John Moore

May 27, 2010

3 Min Read
Federal Cloud Update: The Government Sector's Next Moves

Uncle Sam and the IT industry continue to focus heavily on federal cloud computing. In recent days, MSPmentor has noticed a series of cloud-related news involving the federal government. Here’s a rundown of what’s happening and the implications for managed services providers.

Among the developments catching our attention:

1. The nation’s chief information officer, Vivek Kundra, authored a report, State of Public Sector Cloud Computing, which shows how cloud computing could become more embedded in government operations. The report states that the White House’s Office of Management and Budget has asked federal agencies to “evaluate cloud computing alternatives as part of their budget submissions for all major IT investments, where relevant.”

2. The General Services Administration earlier this month tweaked its infrastructure-as-a-service procurement, which will award contract to multiple vendors providing virtual machines, cloud storage and Web hosting services. The agency’s request for quotes closes June 15. The winning contractors’ cloud offerings are scheduled for availability on the online store in late 2010. The revised procurement includes greater security requirements.

3. Hosting of the Web site, which aims to give the public a window  into the government’s stimulus spending, moved from an internal data center to Amazon. The switch is expected to save $750,000 over the next 18  months and provide still-greater savings in the following years.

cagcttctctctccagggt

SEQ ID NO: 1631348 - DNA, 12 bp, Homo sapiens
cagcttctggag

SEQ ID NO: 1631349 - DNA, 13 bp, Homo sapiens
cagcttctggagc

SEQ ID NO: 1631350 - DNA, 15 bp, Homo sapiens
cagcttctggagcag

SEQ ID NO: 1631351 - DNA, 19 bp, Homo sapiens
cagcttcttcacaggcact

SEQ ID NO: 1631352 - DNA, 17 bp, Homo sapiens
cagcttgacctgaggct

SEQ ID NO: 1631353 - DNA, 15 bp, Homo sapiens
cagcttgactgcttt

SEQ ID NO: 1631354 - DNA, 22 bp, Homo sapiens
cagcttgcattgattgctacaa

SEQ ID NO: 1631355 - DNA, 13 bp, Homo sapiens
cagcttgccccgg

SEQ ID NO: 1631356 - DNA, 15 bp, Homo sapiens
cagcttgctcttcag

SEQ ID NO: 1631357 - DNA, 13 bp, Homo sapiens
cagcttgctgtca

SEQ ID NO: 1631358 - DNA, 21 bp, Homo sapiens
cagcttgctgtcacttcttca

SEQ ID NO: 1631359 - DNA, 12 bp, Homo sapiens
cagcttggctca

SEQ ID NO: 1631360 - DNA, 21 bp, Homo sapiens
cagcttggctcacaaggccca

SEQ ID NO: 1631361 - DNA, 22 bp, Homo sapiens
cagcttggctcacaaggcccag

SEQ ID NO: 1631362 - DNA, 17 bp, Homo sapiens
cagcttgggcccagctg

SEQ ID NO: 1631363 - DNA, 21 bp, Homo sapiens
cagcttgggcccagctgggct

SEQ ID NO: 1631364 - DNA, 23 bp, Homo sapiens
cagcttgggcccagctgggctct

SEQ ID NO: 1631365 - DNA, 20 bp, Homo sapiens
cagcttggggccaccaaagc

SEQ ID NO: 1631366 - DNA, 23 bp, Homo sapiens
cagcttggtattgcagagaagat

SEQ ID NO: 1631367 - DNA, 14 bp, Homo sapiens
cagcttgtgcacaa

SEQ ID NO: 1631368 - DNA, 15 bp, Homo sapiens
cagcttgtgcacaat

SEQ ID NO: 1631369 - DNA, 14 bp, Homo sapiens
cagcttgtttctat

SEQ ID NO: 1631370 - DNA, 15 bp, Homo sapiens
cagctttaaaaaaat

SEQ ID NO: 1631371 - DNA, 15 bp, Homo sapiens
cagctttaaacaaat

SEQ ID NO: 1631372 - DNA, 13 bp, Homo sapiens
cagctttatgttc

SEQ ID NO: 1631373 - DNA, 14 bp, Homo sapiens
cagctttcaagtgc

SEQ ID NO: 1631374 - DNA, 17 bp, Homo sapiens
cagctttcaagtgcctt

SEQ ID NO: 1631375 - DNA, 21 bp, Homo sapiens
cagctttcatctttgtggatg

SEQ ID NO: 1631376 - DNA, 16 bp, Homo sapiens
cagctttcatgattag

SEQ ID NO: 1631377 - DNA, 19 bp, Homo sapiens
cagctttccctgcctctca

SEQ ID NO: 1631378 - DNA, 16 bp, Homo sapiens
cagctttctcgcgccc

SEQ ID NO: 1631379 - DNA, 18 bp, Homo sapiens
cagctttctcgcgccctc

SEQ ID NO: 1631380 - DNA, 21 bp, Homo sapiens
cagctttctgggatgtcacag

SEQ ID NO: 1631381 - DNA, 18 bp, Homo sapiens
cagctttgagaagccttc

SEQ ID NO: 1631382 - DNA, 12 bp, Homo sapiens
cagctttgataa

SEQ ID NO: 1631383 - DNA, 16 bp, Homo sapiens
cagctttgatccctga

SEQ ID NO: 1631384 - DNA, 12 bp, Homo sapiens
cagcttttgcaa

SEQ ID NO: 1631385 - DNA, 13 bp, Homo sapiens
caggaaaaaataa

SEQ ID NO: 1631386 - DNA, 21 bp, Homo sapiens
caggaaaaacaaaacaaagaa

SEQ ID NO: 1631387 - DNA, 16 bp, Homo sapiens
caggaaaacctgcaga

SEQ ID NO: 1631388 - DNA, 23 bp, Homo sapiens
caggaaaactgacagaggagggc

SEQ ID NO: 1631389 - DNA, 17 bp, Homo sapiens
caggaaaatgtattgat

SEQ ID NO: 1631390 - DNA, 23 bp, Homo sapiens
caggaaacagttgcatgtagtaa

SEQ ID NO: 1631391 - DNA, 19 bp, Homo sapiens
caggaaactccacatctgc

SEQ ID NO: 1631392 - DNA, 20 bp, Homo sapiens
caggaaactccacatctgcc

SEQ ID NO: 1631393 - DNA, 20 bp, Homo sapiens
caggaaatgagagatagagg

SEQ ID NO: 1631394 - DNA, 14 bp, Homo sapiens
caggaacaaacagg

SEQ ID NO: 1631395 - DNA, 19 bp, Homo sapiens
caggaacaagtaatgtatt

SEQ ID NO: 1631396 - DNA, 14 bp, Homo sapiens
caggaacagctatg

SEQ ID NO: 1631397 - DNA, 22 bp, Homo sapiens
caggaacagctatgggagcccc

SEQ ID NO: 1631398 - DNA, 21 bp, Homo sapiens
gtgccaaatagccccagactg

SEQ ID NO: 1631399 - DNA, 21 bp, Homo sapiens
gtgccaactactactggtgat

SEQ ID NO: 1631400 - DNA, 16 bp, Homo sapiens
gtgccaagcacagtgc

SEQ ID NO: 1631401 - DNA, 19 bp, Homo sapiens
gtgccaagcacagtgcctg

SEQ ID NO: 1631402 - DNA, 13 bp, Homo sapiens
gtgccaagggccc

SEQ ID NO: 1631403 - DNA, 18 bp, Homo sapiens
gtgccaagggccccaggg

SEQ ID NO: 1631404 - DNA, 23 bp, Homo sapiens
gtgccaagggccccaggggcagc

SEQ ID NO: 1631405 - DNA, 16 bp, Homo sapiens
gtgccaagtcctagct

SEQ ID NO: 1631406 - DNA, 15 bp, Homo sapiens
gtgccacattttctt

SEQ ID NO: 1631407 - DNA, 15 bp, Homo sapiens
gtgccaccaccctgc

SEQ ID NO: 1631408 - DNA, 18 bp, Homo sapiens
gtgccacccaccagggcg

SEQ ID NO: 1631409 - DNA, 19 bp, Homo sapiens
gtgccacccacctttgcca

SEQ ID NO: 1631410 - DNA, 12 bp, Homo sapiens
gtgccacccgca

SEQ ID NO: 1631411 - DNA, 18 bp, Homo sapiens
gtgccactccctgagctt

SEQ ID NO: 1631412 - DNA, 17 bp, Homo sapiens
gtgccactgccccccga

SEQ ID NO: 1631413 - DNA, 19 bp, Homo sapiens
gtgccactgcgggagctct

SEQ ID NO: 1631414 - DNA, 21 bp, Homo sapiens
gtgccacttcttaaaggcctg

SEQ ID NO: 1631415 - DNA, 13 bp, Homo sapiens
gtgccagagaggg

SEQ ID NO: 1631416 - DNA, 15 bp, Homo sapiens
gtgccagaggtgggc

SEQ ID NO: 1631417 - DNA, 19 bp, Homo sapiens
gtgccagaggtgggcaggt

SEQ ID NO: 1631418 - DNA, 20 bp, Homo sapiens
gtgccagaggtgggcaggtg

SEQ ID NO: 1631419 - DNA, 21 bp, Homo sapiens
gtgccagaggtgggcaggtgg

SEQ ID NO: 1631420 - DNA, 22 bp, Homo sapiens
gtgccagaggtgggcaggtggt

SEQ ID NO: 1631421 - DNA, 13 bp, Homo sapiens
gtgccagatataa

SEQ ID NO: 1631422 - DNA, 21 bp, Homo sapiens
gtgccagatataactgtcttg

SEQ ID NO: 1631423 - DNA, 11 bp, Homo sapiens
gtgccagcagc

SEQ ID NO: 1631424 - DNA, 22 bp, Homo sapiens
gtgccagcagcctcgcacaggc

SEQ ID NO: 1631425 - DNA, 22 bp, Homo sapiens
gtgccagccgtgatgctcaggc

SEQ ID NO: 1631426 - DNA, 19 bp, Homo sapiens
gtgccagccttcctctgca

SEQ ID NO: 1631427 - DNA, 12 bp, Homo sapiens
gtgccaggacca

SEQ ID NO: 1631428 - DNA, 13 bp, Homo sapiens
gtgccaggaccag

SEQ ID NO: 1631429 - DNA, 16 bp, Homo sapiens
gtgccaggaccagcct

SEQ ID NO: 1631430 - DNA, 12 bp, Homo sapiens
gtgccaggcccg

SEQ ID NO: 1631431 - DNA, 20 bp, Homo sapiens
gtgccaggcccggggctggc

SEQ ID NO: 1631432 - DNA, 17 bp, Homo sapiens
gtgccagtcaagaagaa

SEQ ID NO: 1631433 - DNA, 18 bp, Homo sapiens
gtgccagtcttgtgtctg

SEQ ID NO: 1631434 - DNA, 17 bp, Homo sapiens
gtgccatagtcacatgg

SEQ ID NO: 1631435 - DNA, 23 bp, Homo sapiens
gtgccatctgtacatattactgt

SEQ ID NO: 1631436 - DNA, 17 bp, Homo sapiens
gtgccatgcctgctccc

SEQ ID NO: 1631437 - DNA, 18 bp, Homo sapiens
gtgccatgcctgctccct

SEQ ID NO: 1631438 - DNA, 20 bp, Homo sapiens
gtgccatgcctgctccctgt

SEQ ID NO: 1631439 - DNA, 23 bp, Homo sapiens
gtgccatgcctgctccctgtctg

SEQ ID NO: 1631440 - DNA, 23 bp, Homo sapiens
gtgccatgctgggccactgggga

The ability to trim expenses is clearly an important cloud attraction in federal circles. Kundra’s report noted the cloud’s “potential to greatly reduce waste, increase data center efficiency and utilization rates, and lower operating costs.”

Agencies, however, in their cloud enthusiasm, shouldn’t view cost reduction as the end of the story. They still need to support their customers, whether employees using cloud-based applications or constituents obtaining cloud-based services. Those cost savings may not materialize if the service levels aren’t there, users lack adequate training, and the agency’s mission isn’t met.

Ironically, the public sector cloud report lists the City of Los Angeles’ Google Apps ventures as a case study illustrating technology adoption. MSPmentor recently reported on a city memo that indicated a possible delay in the adoption of Google Apps. Google contends that it is addressing the city’s concerns and the deployment is on track.

OMB Watch, a nonprofit research and advocacy group that promotes government transparency, captured the limits of the cloud in a recent blog post regarding

“But moving to cloud computing doesn’t change much from a transparency side of things. It isn’t a step towards multi-tier reporting, it doesn’t improve data quality, and it doesn’t make it easier to search through So while it’s great the Board’s saving money, and the government’s starting to utilize new technology, new technology can’t fix every problem. Some problems simply require better utilization of the technology you have.”

The more things change… the more they…

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